Many people are resistant to estate planning. They may feel they can ignore the topic “until the time is right.” They think they have some time and can put it off until they are more in the mood. Unfortunately, there may not be that extra time they are counting on.
COVID-19 Increases the Need for Estate Planning
Although it is true that anyone can be struck down at any moment in an unfortunate accident. Now, in the time of this global pandemic, many succumb to the COVID-19 with little warning. Every day, more people in the U.S. die from this deadly virus than were killed in the terrorist attack of 9/11.
Normally robust and healthy individuals are brutally knocked down in the prime of their life. They may have been thinking about estate planning but just not gotten around to it yet. Their families are left with the devastation of the loss of their loved one, and suddenly, they may also be left with no access to funds to pay rent or the mortgage, to make the car payment, or even to buy food.
Obstacles Your Family May Face if You Die Without a Will
If you die without a will, Texas law determines how your estate will be divided. There is a hierarchy of who inherits depending on whether you leave a living spouse, have living children, have stepchildren, parents, and/or siblings.
Before that happens, there must be someone appointed to be your personal representative. If you leave a will, you will name that person. But without a will, a person close to you may want to assume that role, but other heirs object, so the probate court will have to settle the dispute. This takes time.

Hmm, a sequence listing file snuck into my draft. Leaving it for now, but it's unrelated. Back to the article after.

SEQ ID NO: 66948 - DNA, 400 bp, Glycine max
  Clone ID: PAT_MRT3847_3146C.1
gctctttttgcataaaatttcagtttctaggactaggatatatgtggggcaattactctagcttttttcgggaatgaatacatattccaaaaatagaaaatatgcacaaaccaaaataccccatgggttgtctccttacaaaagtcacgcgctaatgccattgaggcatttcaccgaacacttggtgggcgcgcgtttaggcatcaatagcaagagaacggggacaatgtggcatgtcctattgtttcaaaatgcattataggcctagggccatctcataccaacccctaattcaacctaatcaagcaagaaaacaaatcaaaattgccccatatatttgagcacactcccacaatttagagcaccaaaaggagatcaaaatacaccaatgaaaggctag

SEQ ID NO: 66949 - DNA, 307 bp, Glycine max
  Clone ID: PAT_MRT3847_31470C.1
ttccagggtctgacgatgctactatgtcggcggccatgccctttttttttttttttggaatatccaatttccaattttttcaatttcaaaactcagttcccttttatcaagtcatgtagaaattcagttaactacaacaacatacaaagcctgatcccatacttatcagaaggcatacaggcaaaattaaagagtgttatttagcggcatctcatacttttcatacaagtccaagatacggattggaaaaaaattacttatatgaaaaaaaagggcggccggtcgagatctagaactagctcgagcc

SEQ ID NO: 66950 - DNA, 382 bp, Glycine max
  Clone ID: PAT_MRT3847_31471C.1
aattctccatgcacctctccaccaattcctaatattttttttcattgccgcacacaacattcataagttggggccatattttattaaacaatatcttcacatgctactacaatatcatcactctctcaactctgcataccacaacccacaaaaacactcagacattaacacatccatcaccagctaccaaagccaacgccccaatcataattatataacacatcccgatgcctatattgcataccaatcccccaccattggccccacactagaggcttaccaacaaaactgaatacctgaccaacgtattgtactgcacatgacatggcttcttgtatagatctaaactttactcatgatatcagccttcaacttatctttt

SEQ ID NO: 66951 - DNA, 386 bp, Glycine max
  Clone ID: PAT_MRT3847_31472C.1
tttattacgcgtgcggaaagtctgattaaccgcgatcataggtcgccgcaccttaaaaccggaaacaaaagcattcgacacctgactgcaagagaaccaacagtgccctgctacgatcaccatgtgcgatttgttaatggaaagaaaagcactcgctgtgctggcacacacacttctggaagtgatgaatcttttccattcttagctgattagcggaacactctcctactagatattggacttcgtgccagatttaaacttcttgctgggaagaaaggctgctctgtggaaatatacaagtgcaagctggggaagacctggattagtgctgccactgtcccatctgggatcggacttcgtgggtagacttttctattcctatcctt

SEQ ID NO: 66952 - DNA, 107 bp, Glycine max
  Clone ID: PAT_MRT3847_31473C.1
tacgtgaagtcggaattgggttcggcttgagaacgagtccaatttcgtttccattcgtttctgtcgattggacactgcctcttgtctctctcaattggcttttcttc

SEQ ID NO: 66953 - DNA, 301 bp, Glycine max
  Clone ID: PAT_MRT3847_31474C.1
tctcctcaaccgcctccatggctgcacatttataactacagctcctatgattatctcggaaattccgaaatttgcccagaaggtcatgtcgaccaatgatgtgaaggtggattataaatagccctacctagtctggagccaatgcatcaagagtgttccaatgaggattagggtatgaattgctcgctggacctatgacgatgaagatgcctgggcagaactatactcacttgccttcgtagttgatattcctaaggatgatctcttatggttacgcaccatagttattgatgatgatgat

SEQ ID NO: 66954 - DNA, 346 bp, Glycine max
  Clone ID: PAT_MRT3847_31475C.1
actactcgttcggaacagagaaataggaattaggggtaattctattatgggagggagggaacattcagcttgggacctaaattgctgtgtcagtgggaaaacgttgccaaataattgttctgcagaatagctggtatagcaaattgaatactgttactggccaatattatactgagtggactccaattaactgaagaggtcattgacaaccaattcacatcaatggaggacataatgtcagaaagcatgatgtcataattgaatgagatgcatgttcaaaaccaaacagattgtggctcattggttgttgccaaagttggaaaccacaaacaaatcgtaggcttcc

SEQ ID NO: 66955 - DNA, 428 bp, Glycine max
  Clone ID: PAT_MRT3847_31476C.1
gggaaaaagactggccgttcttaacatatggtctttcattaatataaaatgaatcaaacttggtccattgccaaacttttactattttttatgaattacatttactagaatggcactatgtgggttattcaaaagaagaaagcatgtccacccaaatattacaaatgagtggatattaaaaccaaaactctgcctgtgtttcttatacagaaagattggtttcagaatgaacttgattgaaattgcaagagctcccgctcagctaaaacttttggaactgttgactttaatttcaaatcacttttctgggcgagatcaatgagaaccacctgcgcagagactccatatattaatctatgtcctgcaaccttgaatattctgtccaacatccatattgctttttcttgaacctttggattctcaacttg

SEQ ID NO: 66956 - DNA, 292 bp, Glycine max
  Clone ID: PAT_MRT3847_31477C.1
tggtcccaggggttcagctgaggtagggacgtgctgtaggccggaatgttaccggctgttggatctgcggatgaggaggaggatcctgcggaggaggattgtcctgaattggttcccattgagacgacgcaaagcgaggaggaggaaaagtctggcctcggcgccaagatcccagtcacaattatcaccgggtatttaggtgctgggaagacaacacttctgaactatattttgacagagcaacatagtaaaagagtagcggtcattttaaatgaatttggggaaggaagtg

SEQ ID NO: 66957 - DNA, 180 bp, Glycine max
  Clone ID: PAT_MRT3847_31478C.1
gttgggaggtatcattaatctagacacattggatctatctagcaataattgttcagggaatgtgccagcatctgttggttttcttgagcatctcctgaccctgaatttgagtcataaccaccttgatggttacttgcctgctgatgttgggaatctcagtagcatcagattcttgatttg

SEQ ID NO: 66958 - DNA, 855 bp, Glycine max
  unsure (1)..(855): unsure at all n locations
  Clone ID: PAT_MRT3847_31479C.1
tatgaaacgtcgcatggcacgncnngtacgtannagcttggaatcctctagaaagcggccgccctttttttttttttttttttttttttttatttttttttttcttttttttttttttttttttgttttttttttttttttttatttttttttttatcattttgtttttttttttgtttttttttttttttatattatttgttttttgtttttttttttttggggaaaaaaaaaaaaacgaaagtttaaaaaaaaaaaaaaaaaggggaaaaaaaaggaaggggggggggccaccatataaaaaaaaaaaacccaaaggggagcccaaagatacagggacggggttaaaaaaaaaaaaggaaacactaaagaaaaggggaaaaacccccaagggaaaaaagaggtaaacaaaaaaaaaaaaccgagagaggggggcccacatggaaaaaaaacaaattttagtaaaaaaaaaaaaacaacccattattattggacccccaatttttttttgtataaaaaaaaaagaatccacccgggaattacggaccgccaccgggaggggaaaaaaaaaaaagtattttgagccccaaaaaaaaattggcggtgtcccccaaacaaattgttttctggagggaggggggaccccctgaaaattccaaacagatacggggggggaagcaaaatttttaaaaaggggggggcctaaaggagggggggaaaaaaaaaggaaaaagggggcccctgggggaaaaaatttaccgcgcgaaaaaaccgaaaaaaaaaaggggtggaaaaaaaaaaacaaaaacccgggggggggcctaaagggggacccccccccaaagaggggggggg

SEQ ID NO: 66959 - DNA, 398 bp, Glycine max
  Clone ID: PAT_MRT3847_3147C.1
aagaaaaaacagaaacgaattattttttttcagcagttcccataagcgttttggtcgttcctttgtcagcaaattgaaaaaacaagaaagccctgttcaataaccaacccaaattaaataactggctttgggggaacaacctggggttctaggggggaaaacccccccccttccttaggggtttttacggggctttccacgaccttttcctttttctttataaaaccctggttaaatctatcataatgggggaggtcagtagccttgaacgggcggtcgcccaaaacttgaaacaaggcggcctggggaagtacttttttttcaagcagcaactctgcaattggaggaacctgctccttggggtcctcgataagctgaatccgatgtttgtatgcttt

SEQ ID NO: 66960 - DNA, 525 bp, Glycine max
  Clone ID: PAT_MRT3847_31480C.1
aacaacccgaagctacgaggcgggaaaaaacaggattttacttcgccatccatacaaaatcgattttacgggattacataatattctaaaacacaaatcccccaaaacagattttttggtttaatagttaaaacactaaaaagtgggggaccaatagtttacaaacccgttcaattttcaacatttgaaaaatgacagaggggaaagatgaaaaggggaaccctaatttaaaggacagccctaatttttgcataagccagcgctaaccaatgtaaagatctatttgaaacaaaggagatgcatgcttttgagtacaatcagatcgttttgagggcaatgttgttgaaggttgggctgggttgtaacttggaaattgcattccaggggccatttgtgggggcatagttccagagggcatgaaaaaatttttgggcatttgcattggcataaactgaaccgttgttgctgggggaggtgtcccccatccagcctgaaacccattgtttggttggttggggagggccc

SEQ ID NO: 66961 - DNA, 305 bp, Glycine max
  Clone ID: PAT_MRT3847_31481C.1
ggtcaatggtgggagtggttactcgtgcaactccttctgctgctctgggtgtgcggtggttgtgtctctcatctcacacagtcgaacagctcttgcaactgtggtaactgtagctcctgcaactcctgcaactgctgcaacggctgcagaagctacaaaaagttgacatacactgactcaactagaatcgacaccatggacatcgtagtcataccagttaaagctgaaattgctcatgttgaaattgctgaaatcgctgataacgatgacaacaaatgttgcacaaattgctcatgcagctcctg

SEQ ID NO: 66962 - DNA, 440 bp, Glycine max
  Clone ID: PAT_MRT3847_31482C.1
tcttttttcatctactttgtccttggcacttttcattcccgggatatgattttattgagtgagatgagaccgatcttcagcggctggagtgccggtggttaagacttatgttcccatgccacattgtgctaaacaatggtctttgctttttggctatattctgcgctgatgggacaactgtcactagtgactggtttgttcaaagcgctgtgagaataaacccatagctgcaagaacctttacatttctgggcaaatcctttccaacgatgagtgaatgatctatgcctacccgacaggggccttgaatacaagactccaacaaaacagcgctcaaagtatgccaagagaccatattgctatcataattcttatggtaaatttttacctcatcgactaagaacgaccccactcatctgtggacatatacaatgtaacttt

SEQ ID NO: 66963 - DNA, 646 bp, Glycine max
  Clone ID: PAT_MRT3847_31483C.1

When you plan for this prior to your death, you can make sure that your checking account names a beneficiary who will have immediate access to funds that can keep your family in their home and immediately free up funds for necessary expenses.
In estate planning, you can transfer your assets via trusts, which will pass to your heirs without needing to go through probate court. These can be set up so your heirs can avoid paying hefty taxes.
Do not wait. Take heed about how this deadly virus can suddenly strike you down. Do not let it do that to you before you have planned for asset distribution after your death.
For answers to your estate planning questions, and assistance in drafting your will and trusts, contact our estate planning attorneys at Springer & Lyle.